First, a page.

Where it has so perfectly assimilated with your life, you have become complicit in the daily pursuit of it, where a life before it can no longer be recalled, much less considered, where its ostensibly light grip allows you to believe that you do not need it and that you can quit whenever you want and just like doing it, it’s my thing, you know, where it has become less (if at all) about pleasure than it is about mindless habit, where all your friends do it, where it is the foundation on top of which you have built your life, where days can go by and it is all you have done without you being aware, where you have been reduced to a reactive slave to an underlying addictive mechanism you potentially may never understand.
To find, one day, six years has passed. You have barely left your bedroom while you have played World of Warcraft for eight to fourteen hours a day, the barrier between reality and virtual has degraded beyond comprehension, every single aspect of your life outside of the game has been neglected. Six years where you have not grown as a person, as you have been adequately satiated, kept in a hole of lethargy. Your daily low level background anxiety being tended to, the constant back and forth between hunger and feeding, until one day your needs are not met and it crumbles right before you — the illusion, that is, the white lies even you yourself had begun to believe. All over a video game. Pixels. A fun way to the pass the time with a friend. Damage that, even to this day you are diligently working towards reversing, even with the underlying belief that no matter what, something will always be broken, there will always be a neural pathway dormant, with a history of what went on, waiting to be brought back to play.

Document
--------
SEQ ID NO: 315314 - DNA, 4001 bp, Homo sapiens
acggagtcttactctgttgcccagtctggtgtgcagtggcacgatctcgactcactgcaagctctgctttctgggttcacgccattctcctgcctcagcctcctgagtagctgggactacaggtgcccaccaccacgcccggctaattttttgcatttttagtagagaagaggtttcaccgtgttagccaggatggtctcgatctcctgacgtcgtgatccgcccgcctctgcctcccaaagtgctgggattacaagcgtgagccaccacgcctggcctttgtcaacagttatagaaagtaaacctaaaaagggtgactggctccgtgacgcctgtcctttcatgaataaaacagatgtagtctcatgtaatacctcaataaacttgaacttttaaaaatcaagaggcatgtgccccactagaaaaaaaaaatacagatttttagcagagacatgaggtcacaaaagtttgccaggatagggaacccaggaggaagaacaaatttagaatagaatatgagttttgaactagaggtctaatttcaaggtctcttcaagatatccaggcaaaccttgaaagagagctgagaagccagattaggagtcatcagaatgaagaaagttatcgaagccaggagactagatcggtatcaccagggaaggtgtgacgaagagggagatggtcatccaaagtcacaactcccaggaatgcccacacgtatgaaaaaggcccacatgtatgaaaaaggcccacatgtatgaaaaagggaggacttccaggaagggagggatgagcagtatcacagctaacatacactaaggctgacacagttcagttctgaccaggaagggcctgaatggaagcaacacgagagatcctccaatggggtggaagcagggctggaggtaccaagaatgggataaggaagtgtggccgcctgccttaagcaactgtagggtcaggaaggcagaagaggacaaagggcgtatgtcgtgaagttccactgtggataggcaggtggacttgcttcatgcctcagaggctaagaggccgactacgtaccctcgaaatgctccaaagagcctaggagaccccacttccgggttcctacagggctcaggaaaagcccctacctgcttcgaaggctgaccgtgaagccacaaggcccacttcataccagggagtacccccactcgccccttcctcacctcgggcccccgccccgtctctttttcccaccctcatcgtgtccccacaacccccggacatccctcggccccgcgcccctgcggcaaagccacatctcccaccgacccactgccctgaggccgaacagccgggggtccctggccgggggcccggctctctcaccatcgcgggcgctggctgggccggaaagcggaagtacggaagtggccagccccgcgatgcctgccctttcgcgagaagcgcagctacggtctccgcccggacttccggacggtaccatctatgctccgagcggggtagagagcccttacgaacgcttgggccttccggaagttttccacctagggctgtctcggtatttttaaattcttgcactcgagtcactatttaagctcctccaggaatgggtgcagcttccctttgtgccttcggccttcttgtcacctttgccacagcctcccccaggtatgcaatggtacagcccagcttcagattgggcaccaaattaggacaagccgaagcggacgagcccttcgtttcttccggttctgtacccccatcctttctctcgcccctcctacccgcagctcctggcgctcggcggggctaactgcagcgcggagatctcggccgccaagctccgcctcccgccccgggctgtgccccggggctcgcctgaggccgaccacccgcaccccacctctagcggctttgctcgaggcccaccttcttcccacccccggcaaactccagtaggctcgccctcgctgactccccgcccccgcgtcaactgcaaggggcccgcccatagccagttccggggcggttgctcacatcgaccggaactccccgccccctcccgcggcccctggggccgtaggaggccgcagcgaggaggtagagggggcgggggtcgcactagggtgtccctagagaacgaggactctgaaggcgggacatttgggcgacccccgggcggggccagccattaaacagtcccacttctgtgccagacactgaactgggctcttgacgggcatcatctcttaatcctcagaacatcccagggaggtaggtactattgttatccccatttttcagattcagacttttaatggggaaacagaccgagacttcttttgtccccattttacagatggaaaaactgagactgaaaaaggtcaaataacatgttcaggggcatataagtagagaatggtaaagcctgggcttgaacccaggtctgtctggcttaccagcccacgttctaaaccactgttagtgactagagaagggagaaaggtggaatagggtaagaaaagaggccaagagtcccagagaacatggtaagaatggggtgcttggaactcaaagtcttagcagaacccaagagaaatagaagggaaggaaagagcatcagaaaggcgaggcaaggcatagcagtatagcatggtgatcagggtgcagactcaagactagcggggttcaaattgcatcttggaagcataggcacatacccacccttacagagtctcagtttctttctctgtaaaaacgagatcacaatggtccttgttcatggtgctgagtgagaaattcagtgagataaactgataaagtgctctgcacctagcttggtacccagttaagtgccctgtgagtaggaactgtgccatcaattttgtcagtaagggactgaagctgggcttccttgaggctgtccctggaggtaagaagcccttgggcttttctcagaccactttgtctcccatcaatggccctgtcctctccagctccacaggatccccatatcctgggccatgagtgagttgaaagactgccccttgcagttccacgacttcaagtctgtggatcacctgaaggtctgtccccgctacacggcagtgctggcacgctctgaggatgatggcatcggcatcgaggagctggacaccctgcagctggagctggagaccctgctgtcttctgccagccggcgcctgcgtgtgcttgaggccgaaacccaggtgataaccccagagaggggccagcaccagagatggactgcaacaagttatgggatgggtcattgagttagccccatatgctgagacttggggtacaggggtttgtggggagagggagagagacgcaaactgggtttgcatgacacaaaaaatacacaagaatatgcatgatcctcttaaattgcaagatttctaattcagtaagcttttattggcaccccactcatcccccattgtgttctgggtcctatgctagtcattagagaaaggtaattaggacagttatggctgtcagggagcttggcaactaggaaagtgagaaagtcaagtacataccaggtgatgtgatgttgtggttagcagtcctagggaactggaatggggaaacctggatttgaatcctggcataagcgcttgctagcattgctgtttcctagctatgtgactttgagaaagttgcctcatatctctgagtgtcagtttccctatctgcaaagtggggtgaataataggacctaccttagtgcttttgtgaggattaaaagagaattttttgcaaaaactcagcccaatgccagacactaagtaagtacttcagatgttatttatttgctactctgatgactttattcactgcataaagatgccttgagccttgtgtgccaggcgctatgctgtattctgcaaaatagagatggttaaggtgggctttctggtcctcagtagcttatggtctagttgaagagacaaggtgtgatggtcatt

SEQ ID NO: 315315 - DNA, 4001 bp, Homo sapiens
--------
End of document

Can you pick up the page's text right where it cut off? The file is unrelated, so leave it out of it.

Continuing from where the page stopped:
My point is that, addiction manifests itself in so many forms that if there are leaflets and NHS services dedicated to it, you chose a good one, you’ll get help, sympathy — even a step-by-step guide. Each and every one must be taken seriously, as they creep up on you with such patience that you will unknowingly welcome it with open arms.
I now try to be very conscious of things having their pull on me, and once I identify it, see if I can continue without abusing or becoming consumed by it, and if a healthy relationship with it can be formed, then it becomes a great addition to my life, but if it is serially abused, it must be ripped out. The most beneficial aspect of this has been the ability to utilise things as tools, as opposed to them becoming ruling dependencies. Take the Internet as an example, the person that uses the Internet in short bursts, as a tool, someone that opens a browser with a mindful intention, a purpose, derives a great deal more than the one that vacuously scrolls for twelve hours, consumed. The benefits have been entirely lost within the unconscious pursuit.
Before Infinite Jest I had gone through a stint of reading ‘self help’ books, the 10 steps to happiness, the CEO’s morning routine, how to “win” “friends”. Infinite Jest taught me more about Life than potentially any one thing, not only that, but in a real, applicable way. Some may see this and almost look down upon me for believing that a fictional book stored some of the keys I needed to aide unlocking parts of my life, but as mentioned earlier, I do not believe this to be a matter of where you learn, but when and in what form. The lesson of persistence, and daily concentrated effort towards one well defined goal could easily have been digested while I, aged eight, militantly ate my bodyweight in Coco Pops© every morning to ensure I received the prize, but I was eight, and had other things on my mind.
Nevertheless, these lessons have stuck with me. There were no bullet points, road maps to success, it was simply one very sensitive, observant-to-a-fault human articulating what it is, exactly, to be human.
“And when he came back to, he was flat on his back on the beach in the freezing sand, and it was raining out of a low sky, and the tide was way out.”